The following is the established format for referencing this article:Strassmann, J. E., B. Mayer de Souza, A. Van Zoeren, and W. C. Scharf. 2022. A pattern and procedure for sewing bird bags for bird banders and ringers. Journal of Field Ornithology 93(3):2.
ABSTRACTBird banding (or ringing) is an essential part of many aspects of ornithology. From the time a bird is extracted from a mist net or other capture method to the time it is banded, measured, possibly tagged, and released, it is typically held individually in a secure cloth bag. Although it is important that these bags must have no rough seams, efficient sewing instructions are hard to find, and purchasing bags can be costly. Because it is essential to wash the bags used to hold birds for banding between every use to prevent disease transmission, an active banding station needs many bags. Here, we provide an easy pattern for a bag that leaves no exposed seams. There are four sewing steps, one ironing step, and one step to thread the shoelace drawstring through the top casing. It is most efficient to work on multiple bags at once, doing all of one step before moving on to another, and each bag will end up taking ≤ 20 min from start to finish.
Handling birds so they can be banded, measured, and otherwise monitored is essential to understanding avian numbers, movements, condition, and much more (Gill 2007). Once a bird is taken from the mist net, it is generally held for a few minutes in a cloth bag before it is banded or tagged, measured, and released. Opaque cloth bags stress birds the least, if the experience with Eastern Bluebirds (Sialia sialis) is any indication (Carleton and Caldwell 2019).
The banders’ study guide from the North American Banding Council (2001, section 8.6.1) recommends drawstring bags of cotton large enough so that one can reach in and extract the bird using the bander’s grip. The guide specifies having no rough seams that might tangle a bird’s toes or tongue (North American Banding Council 2001). Here, we provide an easy pattern for sewing a bird bag that leaves no exposed seams.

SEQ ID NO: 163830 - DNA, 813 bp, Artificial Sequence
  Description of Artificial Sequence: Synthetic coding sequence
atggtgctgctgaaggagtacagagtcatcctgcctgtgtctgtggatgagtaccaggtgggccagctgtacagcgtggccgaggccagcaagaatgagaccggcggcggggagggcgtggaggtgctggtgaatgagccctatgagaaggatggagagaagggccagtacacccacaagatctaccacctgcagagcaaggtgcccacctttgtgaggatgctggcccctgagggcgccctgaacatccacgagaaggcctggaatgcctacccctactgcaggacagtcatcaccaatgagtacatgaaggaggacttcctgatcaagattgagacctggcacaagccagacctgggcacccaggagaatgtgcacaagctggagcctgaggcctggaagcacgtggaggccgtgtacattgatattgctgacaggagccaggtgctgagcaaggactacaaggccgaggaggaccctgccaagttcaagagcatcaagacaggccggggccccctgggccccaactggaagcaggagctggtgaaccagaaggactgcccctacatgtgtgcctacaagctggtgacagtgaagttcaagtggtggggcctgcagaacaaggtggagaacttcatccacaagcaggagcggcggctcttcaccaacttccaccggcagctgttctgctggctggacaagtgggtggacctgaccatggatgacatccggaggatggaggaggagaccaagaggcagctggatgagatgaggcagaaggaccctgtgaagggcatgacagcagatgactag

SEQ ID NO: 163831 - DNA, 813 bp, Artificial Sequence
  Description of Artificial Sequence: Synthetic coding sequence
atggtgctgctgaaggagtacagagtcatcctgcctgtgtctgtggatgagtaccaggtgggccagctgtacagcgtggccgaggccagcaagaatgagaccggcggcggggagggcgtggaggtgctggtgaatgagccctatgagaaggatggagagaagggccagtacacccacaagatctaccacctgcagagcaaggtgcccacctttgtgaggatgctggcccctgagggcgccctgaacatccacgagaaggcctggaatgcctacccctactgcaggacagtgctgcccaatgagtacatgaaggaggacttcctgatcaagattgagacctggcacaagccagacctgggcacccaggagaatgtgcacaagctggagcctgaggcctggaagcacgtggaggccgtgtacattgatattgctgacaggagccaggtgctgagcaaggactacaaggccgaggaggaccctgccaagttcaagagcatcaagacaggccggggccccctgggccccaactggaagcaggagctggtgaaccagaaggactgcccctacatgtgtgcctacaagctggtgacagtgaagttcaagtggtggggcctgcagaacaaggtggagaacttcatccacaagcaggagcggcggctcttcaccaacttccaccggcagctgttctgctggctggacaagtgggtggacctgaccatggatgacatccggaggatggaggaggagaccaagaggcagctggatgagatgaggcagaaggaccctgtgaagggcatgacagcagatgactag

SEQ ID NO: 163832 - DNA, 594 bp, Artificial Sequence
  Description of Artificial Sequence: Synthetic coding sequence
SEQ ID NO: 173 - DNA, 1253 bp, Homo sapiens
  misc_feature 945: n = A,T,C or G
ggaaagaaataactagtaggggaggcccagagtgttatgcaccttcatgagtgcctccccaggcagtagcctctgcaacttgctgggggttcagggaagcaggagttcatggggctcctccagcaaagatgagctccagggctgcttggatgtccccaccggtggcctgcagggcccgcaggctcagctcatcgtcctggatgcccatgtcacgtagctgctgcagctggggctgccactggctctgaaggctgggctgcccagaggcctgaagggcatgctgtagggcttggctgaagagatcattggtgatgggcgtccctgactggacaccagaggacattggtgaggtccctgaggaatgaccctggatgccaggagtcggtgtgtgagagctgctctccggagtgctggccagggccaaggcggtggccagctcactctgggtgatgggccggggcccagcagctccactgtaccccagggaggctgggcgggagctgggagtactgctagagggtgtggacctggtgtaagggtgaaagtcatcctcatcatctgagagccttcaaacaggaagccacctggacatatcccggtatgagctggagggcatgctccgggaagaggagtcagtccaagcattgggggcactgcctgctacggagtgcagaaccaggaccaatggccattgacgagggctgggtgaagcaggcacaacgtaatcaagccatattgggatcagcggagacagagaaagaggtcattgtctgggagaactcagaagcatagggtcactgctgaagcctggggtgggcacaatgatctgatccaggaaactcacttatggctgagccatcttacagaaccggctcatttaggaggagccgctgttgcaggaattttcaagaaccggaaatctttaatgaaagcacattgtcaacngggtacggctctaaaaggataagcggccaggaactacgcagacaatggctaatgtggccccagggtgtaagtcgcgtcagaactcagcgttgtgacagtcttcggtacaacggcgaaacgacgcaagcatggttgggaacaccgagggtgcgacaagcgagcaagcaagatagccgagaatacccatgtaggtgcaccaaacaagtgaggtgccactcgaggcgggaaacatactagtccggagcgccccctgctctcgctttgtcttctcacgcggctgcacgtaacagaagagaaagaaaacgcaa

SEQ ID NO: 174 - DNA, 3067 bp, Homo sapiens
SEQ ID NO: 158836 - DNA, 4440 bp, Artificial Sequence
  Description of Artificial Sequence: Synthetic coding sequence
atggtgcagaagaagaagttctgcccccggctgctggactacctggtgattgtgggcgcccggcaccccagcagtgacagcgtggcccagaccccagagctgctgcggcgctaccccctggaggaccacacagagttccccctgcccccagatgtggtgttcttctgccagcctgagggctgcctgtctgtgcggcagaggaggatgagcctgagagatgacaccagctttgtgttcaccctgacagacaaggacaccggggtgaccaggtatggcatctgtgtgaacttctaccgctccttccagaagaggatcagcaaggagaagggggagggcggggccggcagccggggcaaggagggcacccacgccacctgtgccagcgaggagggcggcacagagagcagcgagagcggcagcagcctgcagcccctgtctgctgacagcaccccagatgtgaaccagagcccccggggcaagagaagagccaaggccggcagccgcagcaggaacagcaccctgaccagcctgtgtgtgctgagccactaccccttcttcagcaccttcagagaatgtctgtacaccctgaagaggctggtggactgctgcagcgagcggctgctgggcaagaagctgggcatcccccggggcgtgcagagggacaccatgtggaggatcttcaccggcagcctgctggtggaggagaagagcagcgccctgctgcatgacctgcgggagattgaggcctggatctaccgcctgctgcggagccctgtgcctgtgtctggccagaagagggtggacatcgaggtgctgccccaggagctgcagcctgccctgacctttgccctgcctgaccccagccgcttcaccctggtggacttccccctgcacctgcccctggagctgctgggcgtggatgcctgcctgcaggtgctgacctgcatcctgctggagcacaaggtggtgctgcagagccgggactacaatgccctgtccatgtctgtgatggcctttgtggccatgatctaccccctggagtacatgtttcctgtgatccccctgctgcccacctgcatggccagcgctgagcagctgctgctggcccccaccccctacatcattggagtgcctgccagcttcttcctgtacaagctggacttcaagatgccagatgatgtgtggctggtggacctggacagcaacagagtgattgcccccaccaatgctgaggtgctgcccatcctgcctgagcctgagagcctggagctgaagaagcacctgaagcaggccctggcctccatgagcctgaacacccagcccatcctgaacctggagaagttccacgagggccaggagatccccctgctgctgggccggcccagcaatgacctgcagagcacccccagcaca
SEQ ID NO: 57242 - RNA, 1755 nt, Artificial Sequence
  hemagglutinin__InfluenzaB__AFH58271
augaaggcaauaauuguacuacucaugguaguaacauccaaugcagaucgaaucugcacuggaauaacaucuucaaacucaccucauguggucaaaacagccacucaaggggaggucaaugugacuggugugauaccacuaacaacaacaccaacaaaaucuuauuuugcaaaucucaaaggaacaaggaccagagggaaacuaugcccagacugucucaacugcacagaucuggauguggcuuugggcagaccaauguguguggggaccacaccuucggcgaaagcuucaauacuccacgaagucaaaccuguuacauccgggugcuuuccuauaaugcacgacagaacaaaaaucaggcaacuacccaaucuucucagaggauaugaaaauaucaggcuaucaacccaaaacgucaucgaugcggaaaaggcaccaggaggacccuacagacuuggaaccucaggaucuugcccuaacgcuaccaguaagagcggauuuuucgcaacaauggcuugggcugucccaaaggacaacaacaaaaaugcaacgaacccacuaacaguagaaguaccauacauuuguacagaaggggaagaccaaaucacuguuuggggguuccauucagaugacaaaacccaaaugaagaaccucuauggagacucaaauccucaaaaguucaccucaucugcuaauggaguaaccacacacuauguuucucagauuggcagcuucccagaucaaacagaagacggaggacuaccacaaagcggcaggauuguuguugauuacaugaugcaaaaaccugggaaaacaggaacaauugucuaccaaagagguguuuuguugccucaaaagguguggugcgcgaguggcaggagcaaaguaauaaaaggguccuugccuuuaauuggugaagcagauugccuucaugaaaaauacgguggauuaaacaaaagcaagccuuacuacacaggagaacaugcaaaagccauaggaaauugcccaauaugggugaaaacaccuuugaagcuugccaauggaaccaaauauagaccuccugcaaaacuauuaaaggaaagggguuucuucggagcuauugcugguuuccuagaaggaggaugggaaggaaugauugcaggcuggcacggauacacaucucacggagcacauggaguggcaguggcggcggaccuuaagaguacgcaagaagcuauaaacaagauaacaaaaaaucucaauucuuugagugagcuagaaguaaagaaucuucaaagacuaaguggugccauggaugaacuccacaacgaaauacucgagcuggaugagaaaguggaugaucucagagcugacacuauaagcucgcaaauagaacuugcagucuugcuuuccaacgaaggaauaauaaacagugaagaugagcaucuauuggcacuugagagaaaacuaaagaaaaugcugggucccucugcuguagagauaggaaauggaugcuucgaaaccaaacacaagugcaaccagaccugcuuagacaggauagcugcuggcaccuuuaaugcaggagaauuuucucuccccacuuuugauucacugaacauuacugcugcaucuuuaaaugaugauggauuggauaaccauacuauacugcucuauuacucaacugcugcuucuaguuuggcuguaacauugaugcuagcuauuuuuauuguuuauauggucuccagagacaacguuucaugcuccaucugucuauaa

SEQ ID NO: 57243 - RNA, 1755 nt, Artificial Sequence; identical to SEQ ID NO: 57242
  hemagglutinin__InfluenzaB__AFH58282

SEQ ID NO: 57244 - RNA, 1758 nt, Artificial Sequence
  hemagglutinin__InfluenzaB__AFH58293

An excellent and economical way to obtain appropriate bags is simply to sew them. We did not find satisfactory instructions readily available and so developed our own. These instructions make a bag that measures approximately 22 cm square, although they can be adjusted easily to any size. The bag has a drawstring made of a shoelace or similar flat band. All seams are double-sewn, so the bird is not exposed to any raw edges. The most efficient way to make these bags is to do all of one step on a number of bags before moving to the next step.
Use lightweight 100% cotton cloth, ideally in a light color. Poplin cloth works well, but the cloth does not have to be new. Used cotton bedsheets or pillow cases are also fine. Wash the cloth before using. Iron it if it is very wrinkled. The bags will be washed between each use, so should not wrinkle excessively. No one has time to iron bird bags.
- Cut rectangles 28 × 50 cm (Fig. 1.1). This step is most easily done by cutting out a model from a piece of cardboard, laying it on the cloth, and marking the pattern using a pen. We cut all the pieces we needed before proceeding, after making one bag fully to be sure all was well. Of course, bags can be made of other sizes as desired.